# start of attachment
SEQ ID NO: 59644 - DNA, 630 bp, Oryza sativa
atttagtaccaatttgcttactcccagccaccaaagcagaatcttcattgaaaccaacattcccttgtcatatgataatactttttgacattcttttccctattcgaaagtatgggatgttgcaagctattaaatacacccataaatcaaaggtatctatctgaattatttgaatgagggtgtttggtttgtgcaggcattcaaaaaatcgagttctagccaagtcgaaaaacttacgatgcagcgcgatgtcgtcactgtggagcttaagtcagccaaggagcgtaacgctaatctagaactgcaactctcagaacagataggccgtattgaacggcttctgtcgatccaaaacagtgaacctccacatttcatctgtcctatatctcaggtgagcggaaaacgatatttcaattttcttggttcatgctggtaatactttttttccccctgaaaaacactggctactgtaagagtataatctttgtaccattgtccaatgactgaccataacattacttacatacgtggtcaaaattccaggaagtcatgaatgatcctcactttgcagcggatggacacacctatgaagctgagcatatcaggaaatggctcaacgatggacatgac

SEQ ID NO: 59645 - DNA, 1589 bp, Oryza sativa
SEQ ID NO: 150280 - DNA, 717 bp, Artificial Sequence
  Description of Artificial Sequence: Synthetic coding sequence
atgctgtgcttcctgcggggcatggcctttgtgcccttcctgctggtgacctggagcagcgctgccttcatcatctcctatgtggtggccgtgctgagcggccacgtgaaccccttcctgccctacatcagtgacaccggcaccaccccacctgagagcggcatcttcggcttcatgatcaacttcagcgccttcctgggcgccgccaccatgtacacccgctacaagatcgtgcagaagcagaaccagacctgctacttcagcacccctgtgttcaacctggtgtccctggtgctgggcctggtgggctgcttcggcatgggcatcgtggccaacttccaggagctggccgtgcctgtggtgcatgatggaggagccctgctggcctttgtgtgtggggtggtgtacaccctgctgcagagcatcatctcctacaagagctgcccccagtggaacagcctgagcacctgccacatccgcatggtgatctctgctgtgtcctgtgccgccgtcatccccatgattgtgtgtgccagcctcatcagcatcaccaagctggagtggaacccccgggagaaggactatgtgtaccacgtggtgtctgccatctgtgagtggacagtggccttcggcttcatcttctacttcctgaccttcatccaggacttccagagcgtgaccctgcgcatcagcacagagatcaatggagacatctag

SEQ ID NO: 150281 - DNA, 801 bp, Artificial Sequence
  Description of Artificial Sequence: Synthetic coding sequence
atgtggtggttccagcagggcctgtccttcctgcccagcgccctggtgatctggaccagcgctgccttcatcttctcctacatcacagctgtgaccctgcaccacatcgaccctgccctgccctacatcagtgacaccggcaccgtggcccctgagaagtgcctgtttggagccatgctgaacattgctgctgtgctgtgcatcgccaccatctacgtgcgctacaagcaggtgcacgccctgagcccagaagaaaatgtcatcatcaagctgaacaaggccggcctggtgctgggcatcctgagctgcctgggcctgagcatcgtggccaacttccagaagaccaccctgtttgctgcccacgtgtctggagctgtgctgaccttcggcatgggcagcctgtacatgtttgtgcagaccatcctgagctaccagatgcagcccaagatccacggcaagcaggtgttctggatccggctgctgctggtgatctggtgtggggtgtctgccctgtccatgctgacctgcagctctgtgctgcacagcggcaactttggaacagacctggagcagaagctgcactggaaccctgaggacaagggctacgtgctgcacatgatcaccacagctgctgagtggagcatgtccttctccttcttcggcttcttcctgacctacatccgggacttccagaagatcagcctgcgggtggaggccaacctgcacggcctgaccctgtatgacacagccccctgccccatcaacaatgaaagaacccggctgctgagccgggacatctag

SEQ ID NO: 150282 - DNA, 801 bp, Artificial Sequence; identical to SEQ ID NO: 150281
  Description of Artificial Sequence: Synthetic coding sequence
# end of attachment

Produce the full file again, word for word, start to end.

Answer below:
SEQ ID NO: 59644 - DNA, 630 bp, Oryza sativa
atttagtaccaatttgcttactcccagccaccaaagcagaatcttcattgaaaccaacattcccttgtcatatgataatactttttgacattcttttccctattcgaaagtatgggatgttgcaagctattaaatacacccataaatcaaaggtatctatctgaattatttgaatgagggtgtttggtttgtgcaggcattcaaaaaatcgagttctagccaagtcgaaaaacttacgatgcagcgcgatgtcgtcactgtggagcttaagtcagccaaggagcgtaacgctaatctagaactgcaactctcagaacagataggccgtattgaacggcttctgtcgatccaaaacagtgaacctccacatttcatctgtcctatatctcaggtgagcggaaaacgatatttcaattttcttggttcatgctggtaatactttttttccccctgaaaaacactggctactgtaagagtataatctttgtaccattgtccaatgactgaccataacattacttacatacgtggtcaaaattccaggaagtcatgaatgatcctcactttgcagcggatggacacacctatgaagctgagcatatcaggaaatggctcaacgatggacatgac

SEQ ID NO: 59645 - DNA, 1589 bp, Oryza sativa
SEQ ID NO: 150280 - DNA, 717 bp, Artificial Sequence
  Description of Artificial Sequence: Synthetic coding sequence
atgctgtgcttcctgcggggcatggcctttgtgcccttcctgctggtgacctggagcagcgctgccttcatcatctcctatgtggtggccgtgctgagcggccacgtgaaccccttcctgccctacatcagtgacaccggcaccaccccacctgagagcggcatcttcggcttcatgatcaacttcagcgccttcctgggcgccgccaccatgtacacccgctacaagatcgtgcagaagcagaaccagacctgctacttcagcacccctgtgttcaacctggtgtccctggtgctgggcctggtgggctgcttcggcatgggcatcgtggccaacttccaggagctggccgtgcctgtggtgcatgatggaggagccctgctggcctttgtgtgtggggtggtgtacaccctgctgcagagcatcatctcctacaagagctgcccccagtggaacagcctgagcacctgccacatccgcatggtgatctctgctgtgtcctgtgccgccgtcatccccatgattgtgtgtgccagcctcatcagcatcaccaagctggagtggaacccccgggagaaggactatgtgtaccacgtggtgtctgccatctgtgagtggacagtggccttcggcttcatcttctacttcctgaccttcatccaggacttccagagcgtgaccctgcgcatcagcacagagatcaatggagacatctag

SEQ ID NO: 150281 - DNA, 801 bp, Artificial Sequence
  Description of Artificial Sequence: Synthetic coding sequence
atgtggtggttccagcagggcctgtccttcctgcccagcgccctggtgatctggaccagcgctgccttcatcttctcctacatcacagctgtgaccctgcaccacatcgaccctgccctgccctacatcagtgacaccggcaccgtggcccctgagaagtgcctgtttggagccatgctgaacattgctgctgtgctgtgcatcgccaccatctacgtgcgctacaagcaggtgcacgccctgagcccagaagaaaatgtcatcatcaagctgaacaaggccggcctggtgctgggcatcctgagctgcctgggcctgagcatcgtggccaacttccagaagaccaccctgtttgctgcccacgtgtctggagctgtgctgaccttcggcatgggcagcctgtacatgtttgtgcagaccatcctgagctaccagatgcagcccaagatccacggcaagcaggtgttctggatccggctgctgctggtgatctggtgtggggtgtctgccctgtccatgctgacctgcagctctgtgctgcacagcggcaactttggaacagacctggagcagaagctgcactggaaccctgaggacaagggctacgtgctgcacatgatcaccacagctgctgagtggagcatgtccttctccttcttcggcttcttcctgacctacatccgggacttccagaagatcagcctgcgggtggaggccaacctgcacggcctgaccctgtatgacacagccccctgccccatcaacaatgaaagaacccggctgctgagccgggacatctag

SEQ ID NO: 150282 - DNA, 801 bp, Artificial Sequence; identical to SEQ ID NO: 150281
  Description of Artificial Sequence: Synthetic coding sequence